Influence of Culture on Servant Leadership

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Influence of Culture on Servant Leadership
Anneke Zwart, Student (University), Netherlands, Moderator
In an article, Dierendock discusses how culture might influence servant leadership, mentioning two cultural dimensions (Hofstede) that (positively) affect servant leadership within cultures (organizations).
1. Humane Orientation: the extent to which a society (or a corporation) stimulates being friendly, caring about others, fairness and kindness to others. In cultures with a high level of humane orientation, there is a stronger focus on taking care and being sensitive towards others. As a result, these cultures are likely to have leaders displaying higher attention to interpersonal acceptance, stewardship and the acknowledgement of belonging and taking care, which are all characteristics of servant leadership.
2. Power Distance: the degree to which a society (or a corporation) accepts and expects differences in power levels, authority and status. Cultures in which the degree of this dimensions is high, people accept that power is distributed unequally. A low power distance culture stimulates the development of servant leadership more comparing to high power distance cultures, since the leader-follower relationship is more equal in cultures with a low degree of power distance. This combined with the fact that there is less attention for self-protection in low power distance cultures. One of the fundamental elements of servant leadership - focusing on personal growth - is more likely to occur as well.
Source: Dierendonck, D. “Servant Leadership: A Review and Synthesis”. Journal of Management vol. 37.
 

 
Servant Leadership in Various Cultures
Jaap de Jonge, Editor, Netherlands
Servant leadership is based on the human drive to bond with others and contribute to the betterment of the society. An emphasis on service motivation, as demonstrated by empowering and developing people with empathy and humility, differentiates servant leadership from other leadership frameworks.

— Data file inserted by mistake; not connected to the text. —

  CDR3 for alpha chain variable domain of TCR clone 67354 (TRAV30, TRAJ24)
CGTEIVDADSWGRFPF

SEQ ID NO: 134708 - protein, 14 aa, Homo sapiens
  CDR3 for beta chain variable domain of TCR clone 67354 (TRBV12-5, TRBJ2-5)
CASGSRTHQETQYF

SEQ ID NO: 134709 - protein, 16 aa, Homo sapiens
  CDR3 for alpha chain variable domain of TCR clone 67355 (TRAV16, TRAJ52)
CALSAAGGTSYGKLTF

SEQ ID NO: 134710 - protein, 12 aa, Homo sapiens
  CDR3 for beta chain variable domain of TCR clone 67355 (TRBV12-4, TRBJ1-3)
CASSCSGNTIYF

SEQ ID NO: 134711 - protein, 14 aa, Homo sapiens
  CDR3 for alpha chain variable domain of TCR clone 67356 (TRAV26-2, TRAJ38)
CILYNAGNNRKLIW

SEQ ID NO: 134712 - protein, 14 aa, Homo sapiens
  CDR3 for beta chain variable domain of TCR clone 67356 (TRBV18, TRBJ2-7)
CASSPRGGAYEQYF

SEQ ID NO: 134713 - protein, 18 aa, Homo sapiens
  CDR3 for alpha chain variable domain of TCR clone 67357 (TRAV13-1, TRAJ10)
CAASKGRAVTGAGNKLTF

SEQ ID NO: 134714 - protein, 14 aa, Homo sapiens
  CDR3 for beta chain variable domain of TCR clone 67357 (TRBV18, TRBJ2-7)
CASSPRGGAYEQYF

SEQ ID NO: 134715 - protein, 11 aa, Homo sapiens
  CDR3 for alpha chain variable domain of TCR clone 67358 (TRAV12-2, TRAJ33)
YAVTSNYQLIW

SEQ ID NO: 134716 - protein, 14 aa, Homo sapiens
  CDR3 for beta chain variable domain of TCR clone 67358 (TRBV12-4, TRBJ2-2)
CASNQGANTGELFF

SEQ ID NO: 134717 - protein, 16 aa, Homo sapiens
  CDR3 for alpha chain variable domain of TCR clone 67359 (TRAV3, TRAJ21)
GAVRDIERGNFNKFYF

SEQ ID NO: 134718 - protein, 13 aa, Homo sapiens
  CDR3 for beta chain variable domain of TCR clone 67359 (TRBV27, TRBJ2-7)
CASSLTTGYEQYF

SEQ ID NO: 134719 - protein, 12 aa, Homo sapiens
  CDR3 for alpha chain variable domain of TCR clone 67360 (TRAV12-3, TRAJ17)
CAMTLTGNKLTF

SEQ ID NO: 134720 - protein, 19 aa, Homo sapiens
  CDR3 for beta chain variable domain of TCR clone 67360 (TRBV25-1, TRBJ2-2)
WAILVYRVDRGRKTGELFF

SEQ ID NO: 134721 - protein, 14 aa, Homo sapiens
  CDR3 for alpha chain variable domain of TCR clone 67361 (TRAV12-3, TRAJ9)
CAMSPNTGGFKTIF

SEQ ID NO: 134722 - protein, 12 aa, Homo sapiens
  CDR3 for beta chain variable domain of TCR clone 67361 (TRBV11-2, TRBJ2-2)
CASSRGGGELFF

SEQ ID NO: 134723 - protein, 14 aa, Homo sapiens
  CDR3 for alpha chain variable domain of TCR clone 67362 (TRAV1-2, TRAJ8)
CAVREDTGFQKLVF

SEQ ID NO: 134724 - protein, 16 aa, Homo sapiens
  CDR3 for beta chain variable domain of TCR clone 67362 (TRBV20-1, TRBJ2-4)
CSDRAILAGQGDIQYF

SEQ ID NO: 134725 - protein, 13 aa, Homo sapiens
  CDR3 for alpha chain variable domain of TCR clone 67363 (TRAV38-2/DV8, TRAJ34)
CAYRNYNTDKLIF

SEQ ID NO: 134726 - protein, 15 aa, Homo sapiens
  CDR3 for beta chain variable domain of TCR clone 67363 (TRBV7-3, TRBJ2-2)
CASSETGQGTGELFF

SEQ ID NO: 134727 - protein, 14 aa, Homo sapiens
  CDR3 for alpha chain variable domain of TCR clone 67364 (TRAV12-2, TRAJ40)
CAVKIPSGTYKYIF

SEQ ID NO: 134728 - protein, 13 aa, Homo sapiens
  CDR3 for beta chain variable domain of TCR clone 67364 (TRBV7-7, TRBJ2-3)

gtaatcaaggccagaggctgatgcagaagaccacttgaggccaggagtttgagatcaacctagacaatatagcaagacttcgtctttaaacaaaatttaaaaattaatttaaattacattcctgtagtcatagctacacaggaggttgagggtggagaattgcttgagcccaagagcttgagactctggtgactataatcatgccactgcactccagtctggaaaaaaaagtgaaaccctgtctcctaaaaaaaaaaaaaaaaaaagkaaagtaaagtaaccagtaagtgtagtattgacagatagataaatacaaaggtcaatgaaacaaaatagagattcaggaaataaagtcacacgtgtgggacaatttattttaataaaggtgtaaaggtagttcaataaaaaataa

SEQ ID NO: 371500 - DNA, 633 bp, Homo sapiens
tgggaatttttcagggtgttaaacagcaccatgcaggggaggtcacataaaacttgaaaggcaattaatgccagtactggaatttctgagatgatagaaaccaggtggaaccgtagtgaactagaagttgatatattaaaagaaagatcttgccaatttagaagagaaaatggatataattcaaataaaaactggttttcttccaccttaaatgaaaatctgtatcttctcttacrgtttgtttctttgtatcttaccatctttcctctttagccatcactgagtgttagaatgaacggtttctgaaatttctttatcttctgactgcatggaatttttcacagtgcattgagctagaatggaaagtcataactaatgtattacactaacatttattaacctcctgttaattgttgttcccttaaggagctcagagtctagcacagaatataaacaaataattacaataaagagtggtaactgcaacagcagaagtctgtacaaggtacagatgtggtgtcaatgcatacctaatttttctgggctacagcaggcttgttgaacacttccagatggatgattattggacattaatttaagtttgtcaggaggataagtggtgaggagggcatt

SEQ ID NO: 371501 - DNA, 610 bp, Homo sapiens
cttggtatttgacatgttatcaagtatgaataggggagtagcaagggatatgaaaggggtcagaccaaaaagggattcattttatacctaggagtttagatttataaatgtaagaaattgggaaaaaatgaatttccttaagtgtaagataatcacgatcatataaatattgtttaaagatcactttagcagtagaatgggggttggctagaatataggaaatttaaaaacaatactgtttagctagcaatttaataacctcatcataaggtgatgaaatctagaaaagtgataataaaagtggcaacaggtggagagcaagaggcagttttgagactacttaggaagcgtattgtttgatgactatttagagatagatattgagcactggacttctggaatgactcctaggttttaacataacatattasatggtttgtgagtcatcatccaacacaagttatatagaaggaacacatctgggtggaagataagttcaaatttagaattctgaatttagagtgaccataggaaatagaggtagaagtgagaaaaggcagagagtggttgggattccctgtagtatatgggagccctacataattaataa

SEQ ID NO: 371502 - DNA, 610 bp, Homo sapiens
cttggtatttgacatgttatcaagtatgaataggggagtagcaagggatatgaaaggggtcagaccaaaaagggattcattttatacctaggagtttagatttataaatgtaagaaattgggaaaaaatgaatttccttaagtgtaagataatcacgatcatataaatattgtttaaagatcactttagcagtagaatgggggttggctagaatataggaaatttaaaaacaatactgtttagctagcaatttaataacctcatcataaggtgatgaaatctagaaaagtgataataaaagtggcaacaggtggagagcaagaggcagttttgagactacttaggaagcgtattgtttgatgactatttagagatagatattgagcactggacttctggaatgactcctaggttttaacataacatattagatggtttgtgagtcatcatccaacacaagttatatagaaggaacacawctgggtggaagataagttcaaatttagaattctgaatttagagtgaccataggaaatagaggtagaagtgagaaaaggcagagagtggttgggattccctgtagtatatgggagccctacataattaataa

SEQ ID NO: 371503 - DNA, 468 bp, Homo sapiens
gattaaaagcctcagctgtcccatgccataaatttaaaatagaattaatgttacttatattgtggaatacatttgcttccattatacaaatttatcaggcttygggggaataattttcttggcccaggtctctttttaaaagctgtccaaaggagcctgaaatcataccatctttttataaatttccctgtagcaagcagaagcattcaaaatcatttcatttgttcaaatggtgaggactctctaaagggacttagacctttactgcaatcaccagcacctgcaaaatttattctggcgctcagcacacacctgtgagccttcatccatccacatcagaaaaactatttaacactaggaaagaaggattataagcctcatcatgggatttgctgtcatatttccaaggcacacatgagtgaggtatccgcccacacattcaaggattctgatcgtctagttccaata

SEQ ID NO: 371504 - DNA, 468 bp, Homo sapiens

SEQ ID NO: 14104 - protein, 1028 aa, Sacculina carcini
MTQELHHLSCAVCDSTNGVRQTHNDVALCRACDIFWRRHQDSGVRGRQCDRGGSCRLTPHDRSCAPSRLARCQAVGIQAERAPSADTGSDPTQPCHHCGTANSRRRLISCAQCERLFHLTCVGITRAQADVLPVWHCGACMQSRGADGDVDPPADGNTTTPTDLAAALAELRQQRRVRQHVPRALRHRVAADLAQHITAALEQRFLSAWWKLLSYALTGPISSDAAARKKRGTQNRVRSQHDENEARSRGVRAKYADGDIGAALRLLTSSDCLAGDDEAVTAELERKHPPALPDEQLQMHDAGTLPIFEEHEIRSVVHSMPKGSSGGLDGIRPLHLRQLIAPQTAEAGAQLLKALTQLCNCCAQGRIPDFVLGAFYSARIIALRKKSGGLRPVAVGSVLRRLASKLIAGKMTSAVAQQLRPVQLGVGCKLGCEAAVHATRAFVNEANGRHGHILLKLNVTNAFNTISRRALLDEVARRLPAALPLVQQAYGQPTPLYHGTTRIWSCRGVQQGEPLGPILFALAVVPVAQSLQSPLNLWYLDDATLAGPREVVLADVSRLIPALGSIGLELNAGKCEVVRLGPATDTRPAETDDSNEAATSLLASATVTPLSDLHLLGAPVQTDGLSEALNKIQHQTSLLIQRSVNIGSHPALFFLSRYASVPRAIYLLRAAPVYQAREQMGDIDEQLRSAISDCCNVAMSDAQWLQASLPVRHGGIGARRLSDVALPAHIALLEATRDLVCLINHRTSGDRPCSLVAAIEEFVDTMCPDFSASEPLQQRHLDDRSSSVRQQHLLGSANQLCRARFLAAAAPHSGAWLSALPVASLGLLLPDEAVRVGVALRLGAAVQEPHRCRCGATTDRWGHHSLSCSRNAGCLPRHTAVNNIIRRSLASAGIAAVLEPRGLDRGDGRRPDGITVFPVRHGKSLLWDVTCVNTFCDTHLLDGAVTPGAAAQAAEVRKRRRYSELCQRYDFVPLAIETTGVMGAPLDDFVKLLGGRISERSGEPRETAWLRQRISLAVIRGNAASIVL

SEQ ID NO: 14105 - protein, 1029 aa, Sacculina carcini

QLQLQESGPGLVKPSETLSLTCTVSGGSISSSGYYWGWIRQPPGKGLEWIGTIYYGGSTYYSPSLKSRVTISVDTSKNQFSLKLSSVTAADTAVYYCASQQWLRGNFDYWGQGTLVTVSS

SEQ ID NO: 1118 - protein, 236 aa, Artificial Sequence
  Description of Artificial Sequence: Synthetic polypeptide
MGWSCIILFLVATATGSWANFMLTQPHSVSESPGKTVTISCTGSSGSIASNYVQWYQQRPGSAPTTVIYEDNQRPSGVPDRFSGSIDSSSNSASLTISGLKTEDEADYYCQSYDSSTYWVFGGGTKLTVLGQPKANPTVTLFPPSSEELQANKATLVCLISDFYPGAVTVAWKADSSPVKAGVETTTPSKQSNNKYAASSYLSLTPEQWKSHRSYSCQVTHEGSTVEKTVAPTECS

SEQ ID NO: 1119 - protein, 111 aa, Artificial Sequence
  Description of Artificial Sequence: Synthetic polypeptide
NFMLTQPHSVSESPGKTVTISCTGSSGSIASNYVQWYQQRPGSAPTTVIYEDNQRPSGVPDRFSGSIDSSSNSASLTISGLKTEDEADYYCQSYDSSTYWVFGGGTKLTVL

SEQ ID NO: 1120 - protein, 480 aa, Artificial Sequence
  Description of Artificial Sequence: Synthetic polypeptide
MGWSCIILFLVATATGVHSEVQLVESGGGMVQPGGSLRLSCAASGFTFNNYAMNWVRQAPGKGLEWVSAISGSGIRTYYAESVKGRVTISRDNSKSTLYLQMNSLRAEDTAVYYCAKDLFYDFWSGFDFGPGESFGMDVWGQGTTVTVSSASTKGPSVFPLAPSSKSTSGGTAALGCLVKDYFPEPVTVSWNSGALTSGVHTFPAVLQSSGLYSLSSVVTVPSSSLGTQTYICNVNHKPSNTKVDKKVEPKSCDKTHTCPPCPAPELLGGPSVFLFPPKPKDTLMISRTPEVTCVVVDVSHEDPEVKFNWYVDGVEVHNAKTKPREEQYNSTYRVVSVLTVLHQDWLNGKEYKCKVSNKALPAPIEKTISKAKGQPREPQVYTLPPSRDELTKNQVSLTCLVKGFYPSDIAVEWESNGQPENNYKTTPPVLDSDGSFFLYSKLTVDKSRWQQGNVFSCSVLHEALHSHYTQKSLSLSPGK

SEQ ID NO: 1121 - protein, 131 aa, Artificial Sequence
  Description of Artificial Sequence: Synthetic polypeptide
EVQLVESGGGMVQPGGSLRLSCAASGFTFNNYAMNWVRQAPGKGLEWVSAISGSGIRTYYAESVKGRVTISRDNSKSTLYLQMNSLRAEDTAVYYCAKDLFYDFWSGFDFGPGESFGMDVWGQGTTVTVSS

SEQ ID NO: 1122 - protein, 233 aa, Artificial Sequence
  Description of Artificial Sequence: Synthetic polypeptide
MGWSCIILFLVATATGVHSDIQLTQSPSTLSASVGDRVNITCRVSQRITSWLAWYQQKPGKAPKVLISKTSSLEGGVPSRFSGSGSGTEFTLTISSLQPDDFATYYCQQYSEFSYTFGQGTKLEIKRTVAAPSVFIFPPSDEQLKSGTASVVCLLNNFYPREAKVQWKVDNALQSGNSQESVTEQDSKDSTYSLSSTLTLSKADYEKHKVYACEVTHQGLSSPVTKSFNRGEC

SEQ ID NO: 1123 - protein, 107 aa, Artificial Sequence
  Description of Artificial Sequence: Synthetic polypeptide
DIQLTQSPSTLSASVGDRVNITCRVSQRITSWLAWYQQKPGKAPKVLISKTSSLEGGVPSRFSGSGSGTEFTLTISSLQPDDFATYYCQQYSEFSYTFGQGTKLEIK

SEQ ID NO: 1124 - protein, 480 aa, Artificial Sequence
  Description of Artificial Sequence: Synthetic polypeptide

In a study, Mittal and Dorfman analyzed the degree to which 5 aspects of servant leadership (Egalitarianism, Moral Integrity, Empowering, Empathy and Humility) are endorsed as important for effective leadership across cultures. While each of these dimensions was found to be associated with effective leadership, there was considerable variation in degree of endorsement of components of servant leadership across different cultures:
  • The Servant leadership dimensions of Egalitarianism and Empowering were endorsed more strongly in Nordic/European cultures but less so in Asian and similar cultures.
  • The Servant leadership dimensions of Empathy and Humility were more strongly endorsed in Asian cultures than in European cultures.
Source: Rakesh Mittal and Peter W. Dorfman, "Servant leadership across cultures", Journal of World Business
Volume 47, Issue 4, October 2012, Pages 555-570.
 

 
Servant Leadership Across Cultures (Trompenaars)
Jaap de Jonge, Editor, Netherlands
You may also like the book: "Servant Leadership Across Cultures" by Fons Trompenaars and Ed Voerman.
Editorial Review: This book is suitable for those who are interested in cross-cultural management and servant leadership. Servant leadership is an approach to leadership development, coined and defined by Robert Greenleaf and advanced by several leading business authors such as Stephen Covey. Servant leadership emphasises the leader's role as steward of the resources (human, financial and otherwise) provided by the organisation. It encourages leaders to serve others while staying focused on achieving results in line with the organisation's values and integrity. In a world characterised by globalisation, more and more entrepreneurs are entering the international market. This not only provides unanticipated opportunities, but also extraordinary challenges. Where the workforce is diverse, people will operate from different values. The result will be a clash of cultures . Experience has shown that servant leadership in these types of dilemmas is the most effective approach. Using numerous examples the authors show that this is a path that leads to a true resolution, superseding compromise. It is an effective instrument to use to break through the pattern of cultural stereotyping and counterproductive behaviour and to reconcile opposing viewpoints. Especially in the field of cross-cultural management, servant leadership as dilemma par excellence can serve as a bridge. It is an extremely important competence to possess in a globalising world!
 

     
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